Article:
MindEdge's Introductory Statistics learning resource shows students topics in statistics. Students explore the fundamentals of statistics while simultaneously applying this knowledge to real-world scenarios involving graphs, charts, tables of data, and word problems. Students solve various problems through the lens of a statistician, using a variety of tools to develop solutions.

This modular course can be tailored to your school with webtexts, ebooks, and optional trade paperbacks available. It seamlessly integrates into all learning management systems.

The course includes pretests and self-assessments, interactive exercises, graphics, and games that appeal to a variety of learning styles. Open ended questions that apply topics to real world problems give students opportunities to apply critical thinking skills to real-world statistics scenarios.

Topics covered in this course include:

  • Data, sampling, and data collection
  • Experimental design
  • Frequency, frequency tables, and levels of measurement
  • Measures of central tendency
  • Graphical representation of descriptive statistics
  • Independent and mutually exclusive events
  • Representing probability visually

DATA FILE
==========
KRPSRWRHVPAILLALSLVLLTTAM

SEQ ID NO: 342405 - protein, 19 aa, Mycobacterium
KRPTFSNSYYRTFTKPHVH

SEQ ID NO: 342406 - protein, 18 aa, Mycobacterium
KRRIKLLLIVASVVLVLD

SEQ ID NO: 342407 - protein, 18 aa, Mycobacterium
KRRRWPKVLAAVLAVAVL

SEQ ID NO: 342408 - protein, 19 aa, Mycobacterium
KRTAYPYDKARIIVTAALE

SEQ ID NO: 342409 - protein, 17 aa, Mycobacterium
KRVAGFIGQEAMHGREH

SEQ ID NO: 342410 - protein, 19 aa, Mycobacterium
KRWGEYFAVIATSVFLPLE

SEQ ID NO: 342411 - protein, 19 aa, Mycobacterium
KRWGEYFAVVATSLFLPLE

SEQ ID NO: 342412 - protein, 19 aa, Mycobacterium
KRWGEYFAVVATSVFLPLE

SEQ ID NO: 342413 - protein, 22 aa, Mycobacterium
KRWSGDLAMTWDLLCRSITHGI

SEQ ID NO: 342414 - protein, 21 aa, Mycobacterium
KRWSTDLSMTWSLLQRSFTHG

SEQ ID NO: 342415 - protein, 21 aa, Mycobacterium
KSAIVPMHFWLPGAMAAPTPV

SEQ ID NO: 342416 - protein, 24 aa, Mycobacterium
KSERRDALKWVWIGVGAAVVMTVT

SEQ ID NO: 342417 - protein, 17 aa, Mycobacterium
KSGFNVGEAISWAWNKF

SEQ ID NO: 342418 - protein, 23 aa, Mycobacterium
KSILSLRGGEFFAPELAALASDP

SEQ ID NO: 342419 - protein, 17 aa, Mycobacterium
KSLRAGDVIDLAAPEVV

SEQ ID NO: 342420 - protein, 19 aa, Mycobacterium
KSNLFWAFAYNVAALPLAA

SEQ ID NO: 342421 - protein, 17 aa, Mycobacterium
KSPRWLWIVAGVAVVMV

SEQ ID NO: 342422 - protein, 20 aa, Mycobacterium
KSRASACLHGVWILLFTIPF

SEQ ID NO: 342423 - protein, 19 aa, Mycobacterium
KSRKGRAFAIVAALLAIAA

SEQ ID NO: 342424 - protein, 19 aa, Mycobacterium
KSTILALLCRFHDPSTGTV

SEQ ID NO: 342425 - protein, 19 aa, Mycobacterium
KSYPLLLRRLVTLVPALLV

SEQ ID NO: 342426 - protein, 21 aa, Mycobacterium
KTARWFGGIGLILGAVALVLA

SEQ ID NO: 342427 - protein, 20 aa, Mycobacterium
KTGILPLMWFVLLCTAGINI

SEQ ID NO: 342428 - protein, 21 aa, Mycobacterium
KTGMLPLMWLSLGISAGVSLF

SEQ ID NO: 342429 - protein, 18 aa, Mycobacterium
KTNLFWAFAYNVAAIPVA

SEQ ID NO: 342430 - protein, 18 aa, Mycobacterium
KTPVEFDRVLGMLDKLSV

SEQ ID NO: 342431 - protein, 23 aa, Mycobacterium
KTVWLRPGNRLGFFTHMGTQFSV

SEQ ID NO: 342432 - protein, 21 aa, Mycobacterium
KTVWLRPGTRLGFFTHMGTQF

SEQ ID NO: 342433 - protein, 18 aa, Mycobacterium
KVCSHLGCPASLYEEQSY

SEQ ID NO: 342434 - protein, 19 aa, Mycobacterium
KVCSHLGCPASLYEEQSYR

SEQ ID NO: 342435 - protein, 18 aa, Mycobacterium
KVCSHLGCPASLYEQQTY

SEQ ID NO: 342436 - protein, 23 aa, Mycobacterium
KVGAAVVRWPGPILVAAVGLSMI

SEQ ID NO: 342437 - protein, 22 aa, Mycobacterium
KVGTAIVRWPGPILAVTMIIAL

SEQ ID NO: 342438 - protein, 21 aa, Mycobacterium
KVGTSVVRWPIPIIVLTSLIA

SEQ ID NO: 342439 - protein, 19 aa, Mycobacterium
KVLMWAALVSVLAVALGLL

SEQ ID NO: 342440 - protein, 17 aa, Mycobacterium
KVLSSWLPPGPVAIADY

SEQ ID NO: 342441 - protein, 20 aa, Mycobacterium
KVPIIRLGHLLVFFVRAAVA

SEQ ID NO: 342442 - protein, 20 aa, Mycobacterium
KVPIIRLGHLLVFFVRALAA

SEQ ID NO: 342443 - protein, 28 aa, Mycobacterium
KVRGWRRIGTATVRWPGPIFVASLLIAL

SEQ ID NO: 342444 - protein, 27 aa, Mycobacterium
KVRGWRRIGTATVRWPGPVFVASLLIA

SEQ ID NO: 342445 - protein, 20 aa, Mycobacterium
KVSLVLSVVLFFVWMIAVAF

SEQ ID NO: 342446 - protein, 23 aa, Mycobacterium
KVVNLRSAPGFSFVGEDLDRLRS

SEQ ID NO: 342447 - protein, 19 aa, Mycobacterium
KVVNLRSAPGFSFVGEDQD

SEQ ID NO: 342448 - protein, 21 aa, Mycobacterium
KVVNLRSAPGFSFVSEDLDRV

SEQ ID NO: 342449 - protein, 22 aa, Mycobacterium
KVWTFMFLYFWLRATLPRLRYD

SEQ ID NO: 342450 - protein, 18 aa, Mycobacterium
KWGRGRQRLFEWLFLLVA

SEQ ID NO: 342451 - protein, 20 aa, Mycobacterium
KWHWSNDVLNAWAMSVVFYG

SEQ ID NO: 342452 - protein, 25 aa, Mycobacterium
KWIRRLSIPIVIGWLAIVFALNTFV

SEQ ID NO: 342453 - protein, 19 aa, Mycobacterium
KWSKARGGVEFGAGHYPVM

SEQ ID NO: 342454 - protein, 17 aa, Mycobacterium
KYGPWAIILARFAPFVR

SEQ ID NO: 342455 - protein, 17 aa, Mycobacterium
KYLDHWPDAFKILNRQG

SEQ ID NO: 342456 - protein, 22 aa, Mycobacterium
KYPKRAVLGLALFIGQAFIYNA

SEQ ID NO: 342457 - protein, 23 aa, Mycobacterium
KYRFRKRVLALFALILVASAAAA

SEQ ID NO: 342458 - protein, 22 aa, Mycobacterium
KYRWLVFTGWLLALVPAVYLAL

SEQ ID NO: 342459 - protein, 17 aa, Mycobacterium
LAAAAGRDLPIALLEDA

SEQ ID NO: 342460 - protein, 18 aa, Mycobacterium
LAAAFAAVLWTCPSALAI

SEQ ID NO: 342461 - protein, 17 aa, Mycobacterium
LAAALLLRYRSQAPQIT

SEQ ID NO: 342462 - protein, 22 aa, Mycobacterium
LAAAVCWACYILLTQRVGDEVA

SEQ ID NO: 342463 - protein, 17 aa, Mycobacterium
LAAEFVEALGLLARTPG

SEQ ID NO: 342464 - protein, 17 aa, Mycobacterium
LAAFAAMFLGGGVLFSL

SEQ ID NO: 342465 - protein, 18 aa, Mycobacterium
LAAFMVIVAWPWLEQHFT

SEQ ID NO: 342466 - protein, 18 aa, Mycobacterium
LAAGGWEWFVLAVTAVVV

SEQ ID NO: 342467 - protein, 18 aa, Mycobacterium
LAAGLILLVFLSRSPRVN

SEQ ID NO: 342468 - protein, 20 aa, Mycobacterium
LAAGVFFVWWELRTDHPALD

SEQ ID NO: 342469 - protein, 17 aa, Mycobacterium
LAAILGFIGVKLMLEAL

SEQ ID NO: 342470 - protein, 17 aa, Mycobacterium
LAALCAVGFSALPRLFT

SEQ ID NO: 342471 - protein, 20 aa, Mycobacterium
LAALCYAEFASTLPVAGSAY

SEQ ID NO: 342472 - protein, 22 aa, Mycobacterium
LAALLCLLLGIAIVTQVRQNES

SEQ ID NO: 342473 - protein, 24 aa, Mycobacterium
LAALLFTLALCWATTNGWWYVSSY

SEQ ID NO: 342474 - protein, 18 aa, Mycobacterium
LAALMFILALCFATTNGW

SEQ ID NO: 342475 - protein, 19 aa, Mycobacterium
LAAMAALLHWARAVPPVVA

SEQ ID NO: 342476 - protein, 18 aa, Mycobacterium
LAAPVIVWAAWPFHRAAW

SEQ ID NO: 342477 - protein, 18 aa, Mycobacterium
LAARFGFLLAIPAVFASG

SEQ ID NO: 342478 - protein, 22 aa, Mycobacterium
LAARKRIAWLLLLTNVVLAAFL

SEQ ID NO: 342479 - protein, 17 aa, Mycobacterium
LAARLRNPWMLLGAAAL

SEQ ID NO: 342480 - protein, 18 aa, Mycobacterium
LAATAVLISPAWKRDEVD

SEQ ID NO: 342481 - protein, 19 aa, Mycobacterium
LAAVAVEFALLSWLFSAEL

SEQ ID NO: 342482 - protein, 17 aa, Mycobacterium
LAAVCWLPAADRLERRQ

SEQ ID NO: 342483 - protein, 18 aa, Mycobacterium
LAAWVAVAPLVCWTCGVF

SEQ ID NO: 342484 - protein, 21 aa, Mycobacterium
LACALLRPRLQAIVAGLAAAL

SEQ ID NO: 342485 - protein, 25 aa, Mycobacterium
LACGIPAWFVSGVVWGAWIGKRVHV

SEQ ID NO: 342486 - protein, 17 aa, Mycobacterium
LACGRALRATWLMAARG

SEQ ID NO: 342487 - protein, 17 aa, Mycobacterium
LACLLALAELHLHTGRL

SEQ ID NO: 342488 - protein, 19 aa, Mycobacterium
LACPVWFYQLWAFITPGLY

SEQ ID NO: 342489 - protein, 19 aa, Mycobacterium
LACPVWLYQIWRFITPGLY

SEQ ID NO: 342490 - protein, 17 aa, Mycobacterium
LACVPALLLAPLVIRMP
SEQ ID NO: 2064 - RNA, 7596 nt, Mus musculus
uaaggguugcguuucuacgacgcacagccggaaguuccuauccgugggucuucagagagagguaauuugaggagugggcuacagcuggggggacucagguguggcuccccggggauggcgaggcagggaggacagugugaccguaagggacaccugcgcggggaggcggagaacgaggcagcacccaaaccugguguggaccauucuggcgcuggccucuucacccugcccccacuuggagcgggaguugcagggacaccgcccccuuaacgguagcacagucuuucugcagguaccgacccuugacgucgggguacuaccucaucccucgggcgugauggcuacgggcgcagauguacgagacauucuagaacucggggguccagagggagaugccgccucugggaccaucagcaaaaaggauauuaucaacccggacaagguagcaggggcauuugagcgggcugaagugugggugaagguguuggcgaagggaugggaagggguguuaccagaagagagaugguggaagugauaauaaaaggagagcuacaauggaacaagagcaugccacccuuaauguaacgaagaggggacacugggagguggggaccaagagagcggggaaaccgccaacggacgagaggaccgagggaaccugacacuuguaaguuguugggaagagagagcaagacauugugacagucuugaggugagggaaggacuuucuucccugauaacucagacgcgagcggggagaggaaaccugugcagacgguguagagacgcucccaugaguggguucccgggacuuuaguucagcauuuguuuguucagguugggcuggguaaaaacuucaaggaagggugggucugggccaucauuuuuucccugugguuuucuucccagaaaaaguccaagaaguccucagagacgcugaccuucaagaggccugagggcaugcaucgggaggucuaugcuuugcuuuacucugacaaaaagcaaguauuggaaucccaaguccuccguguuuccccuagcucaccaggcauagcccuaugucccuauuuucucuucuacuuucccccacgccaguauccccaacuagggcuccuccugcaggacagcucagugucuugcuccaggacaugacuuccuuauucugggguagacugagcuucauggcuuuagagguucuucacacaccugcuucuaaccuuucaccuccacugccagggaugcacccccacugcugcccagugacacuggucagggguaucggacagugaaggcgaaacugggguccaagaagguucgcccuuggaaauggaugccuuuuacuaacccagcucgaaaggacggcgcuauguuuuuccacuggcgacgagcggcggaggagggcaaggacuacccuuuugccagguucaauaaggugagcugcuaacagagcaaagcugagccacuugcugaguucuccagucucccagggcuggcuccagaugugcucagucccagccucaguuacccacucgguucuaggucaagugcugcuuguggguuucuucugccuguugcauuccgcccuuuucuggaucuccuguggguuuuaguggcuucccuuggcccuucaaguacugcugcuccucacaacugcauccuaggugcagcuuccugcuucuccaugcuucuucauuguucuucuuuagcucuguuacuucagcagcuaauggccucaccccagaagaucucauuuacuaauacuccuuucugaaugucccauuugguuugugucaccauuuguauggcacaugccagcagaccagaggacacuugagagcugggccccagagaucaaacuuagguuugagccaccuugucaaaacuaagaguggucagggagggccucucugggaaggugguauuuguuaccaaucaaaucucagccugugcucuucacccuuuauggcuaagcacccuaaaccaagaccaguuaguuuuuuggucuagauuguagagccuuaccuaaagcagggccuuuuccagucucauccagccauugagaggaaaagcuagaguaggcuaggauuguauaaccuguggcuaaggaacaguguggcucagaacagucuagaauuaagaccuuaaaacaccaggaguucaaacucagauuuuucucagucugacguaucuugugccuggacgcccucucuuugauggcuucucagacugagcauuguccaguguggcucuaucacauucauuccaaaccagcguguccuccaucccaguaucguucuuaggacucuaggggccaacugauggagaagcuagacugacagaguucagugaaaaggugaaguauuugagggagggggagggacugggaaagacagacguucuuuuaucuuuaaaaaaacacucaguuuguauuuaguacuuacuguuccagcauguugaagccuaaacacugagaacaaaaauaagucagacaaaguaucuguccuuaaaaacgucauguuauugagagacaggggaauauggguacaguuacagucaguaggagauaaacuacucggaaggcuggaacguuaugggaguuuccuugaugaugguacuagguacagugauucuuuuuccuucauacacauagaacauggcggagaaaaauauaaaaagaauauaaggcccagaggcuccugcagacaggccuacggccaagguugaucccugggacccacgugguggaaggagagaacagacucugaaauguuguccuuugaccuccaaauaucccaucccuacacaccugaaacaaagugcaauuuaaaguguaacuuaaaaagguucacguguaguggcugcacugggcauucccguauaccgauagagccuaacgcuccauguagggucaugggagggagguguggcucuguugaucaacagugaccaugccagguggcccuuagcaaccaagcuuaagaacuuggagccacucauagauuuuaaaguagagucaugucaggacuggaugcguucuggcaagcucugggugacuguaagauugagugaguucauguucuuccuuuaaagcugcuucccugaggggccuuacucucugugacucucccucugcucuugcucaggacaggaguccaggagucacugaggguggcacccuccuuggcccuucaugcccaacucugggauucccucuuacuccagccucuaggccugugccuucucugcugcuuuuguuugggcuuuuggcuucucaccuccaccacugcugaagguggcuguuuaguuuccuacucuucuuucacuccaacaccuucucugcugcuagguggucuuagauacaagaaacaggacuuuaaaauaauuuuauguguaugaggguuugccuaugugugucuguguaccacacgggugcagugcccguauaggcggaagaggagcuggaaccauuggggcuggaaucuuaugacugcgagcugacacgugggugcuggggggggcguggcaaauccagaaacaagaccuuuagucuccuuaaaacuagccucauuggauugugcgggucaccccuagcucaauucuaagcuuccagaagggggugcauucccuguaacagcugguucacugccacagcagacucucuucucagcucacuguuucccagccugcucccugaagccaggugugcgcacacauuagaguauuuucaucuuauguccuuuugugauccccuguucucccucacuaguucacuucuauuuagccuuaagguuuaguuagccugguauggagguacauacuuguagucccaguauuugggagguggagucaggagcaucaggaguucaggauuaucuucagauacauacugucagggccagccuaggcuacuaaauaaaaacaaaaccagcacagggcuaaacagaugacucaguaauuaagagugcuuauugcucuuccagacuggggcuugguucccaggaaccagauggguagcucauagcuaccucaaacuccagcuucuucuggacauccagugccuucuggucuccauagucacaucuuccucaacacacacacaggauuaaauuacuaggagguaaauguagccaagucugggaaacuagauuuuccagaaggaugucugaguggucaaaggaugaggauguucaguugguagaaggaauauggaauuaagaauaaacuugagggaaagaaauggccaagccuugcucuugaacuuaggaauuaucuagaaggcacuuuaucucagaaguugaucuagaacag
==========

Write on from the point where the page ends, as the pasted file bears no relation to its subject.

• Variance and standard deviation
  • Probability distribution function for a discrete random variable
  • Continuous probability functions
  • Exponential distribution
  • The standard normal distribution
  • Applications of the normal distribution
  • The central limit theorem
  • Student t-distribution
  • Hypothesis tests on two population means
  • Test of a single variance
  • Linear equations
  • Regression
  • The F distribution

The 13 modules of this course are as follows:

  1. Sampling and Data
  2. Descriptive Statistics
  3. Probability Topics
  4. Discrete Random Variables
  5. Continuous Random Variables
  6. The Normal Distribution
  7. The Central Limit Theorem
  8. Confidence Intervals
  9. Hypothesis Testing with One Sample
  10. Hypothesis Testing with Two Samples
  11. The Chi-Square Distribution
  12. Linear Regressions and Correlation
  13. F Distribution and One-Way ANOVA